6-Petroleum Free…Not necessarily greener or earth friendlier than petroleum. Petroleum works the best, it’s a by-product so you don’t pollute the environment by creating a new crop.

    6-Recycled Packaging…This is good.

    7-Soy Ink-Also a good idea.

    Just trying to educate and help answer a few questions about a confusing industry lately. My intention is to help you make educated purchases. Have fun out there.

  3. Jeff, thanks for the info. Ricardo and myself were actually having a conversation about the whole soy vs. petroleum wax thing last night as he just picked up his first bar of soy wax to try out in stupidly cold water.

    Surfboard wax is a good product area to investigate some of these questions because inherently wax is such a simple concept to grasp but there are so many factors that come into play as to the overall environmental footprint of a product.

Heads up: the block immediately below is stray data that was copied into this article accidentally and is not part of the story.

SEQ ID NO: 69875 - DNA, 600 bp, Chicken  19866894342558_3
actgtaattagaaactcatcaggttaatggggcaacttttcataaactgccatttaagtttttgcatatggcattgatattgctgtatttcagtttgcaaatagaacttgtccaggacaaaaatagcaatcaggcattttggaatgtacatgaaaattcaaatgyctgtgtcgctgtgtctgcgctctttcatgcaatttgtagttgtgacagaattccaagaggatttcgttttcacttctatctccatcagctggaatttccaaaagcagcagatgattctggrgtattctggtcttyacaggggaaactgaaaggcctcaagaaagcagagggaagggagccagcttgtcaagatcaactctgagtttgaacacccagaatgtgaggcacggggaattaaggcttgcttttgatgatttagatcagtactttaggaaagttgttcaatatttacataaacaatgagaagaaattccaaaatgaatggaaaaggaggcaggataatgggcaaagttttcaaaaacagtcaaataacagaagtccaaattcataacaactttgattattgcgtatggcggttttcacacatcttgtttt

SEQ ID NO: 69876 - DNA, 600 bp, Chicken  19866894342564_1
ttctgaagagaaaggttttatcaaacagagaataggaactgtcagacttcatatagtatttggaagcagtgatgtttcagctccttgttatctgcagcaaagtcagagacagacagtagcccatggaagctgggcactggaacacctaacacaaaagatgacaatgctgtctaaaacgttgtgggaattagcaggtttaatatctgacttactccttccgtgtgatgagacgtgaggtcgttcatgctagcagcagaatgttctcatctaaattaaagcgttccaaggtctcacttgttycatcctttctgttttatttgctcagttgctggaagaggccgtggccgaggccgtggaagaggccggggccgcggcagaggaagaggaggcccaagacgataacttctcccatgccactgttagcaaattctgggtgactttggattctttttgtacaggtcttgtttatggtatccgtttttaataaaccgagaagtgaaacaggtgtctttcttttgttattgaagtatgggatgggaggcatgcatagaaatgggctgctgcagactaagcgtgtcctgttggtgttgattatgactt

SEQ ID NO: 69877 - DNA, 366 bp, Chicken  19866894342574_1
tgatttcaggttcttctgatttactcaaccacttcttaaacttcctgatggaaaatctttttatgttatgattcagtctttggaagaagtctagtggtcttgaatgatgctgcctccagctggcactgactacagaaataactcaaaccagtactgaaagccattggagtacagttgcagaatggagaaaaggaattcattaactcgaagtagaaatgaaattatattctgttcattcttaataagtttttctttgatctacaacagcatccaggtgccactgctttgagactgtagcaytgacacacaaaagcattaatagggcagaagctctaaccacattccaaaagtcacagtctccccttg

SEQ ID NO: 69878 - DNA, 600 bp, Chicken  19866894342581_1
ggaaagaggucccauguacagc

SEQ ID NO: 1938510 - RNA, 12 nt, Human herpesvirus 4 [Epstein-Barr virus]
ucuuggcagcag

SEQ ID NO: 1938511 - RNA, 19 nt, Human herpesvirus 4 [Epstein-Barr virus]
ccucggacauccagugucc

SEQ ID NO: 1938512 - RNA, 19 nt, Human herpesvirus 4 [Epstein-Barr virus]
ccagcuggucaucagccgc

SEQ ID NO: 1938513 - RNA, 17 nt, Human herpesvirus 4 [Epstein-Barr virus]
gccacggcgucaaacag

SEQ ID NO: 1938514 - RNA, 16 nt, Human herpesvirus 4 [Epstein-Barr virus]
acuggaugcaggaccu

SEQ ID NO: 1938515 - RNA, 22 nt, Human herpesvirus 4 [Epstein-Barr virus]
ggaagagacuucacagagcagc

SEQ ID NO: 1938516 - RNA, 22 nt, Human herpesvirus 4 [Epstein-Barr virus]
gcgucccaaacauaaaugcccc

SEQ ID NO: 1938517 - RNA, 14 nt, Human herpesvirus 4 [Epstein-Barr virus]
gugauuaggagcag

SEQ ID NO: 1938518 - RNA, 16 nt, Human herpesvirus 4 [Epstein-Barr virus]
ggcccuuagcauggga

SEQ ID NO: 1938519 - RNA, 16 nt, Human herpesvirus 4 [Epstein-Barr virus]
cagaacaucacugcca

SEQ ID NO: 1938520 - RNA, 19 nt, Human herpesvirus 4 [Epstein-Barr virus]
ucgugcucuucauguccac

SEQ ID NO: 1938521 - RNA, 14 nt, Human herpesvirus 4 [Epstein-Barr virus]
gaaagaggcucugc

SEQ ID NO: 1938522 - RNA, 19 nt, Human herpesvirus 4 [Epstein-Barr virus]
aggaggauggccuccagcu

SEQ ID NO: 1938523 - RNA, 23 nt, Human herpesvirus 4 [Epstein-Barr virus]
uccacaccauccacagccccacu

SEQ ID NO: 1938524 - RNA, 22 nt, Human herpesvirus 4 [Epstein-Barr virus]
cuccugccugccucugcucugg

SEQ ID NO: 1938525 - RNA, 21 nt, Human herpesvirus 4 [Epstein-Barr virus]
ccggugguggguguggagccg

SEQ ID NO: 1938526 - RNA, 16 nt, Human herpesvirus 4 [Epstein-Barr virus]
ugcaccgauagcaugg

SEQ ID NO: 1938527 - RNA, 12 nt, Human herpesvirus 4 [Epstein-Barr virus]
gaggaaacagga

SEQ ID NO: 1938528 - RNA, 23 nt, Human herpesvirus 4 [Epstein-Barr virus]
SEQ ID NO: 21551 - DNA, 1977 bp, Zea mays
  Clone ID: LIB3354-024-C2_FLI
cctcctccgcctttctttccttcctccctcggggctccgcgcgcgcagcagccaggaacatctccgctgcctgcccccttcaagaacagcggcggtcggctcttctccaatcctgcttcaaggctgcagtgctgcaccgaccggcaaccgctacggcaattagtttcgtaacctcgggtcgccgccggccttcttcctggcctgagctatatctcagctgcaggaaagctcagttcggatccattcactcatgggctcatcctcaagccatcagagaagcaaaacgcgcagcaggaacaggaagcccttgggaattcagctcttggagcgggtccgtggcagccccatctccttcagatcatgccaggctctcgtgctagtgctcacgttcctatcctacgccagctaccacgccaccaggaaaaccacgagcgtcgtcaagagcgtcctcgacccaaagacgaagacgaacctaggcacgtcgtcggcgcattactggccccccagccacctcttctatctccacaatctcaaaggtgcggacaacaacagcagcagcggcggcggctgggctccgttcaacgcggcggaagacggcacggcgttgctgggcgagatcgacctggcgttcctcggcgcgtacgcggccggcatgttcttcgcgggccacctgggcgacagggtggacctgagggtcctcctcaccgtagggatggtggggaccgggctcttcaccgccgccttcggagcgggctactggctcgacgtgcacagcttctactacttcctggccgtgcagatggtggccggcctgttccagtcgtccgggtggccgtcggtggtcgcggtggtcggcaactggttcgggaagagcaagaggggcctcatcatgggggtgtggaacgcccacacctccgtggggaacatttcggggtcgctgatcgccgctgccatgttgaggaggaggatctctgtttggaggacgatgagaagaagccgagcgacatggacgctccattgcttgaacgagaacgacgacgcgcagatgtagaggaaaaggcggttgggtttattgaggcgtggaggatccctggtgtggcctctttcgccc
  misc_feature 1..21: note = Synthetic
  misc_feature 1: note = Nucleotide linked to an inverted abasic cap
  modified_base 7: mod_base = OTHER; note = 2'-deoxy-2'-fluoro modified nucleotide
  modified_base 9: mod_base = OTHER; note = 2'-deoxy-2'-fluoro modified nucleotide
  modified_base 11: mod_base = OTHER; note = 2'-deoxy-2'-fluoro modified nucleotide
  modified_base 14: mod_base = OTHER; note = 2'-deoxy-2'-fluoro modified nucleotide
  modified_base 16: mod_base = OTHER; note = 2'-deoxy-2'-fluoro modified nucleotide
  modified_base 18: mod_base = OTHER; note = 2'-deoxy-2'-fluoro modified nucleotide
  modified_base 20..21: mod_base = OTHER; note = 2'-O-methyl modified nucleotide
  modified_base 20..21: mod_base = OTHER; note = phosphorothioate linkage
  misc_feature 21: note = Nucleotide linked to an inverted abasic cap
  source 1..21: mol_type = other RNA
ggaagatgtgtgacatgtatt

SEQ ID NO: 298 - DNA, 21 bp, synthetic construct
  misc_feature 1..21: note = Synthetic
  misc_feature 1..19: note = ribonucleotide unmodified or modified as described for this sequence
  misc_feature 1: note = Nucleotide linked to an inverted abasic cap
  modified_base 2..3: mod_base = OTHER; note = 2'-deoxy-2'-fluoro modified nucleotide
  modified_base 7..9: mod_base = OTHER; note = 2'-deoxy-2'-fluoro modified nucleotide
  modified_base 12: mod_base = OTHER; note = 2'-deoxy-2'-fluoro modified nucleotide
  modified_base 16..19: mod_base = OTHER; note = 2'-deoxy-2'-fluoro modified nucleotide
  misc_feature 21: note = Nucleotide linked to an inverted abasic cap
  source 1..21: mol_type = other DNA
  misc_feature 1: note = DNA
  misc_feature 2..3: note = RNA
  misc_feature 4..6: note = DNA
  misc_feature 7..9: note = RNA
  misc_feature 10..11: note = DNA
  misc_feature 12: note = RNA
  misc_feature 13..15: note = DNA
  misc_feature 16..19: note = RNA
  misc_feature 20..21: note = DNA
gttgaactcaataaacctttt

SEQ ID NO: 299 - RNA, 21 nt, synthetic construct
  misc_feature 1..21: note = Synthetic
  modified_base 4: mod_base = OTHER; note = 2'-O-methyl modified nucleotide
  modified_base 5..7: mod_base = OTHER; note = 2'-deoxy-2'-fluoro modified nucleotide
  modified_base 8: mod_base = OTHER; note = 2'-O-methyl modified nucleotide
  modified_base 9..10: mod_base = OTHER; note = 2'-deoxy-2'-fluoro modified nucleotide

You start getting into products like blanks and resin and there are inherently so many other unavoidable toxic chemicals in them that it complicates some of the reasoning behind these questions, but with wax it’s pretty simple and understandable I think it would make a good baseline study to explore some of the logic behind these questions.

    Honestly, this discussion is worthy of it’s own full article and not just relegated to the comments section and we hope in the near future to expand upon it.

    I think the point being made by mentioning it in this post is more because soy wax isn’t available everywhere yet. It’s definitely an alternative that is not available at every shop.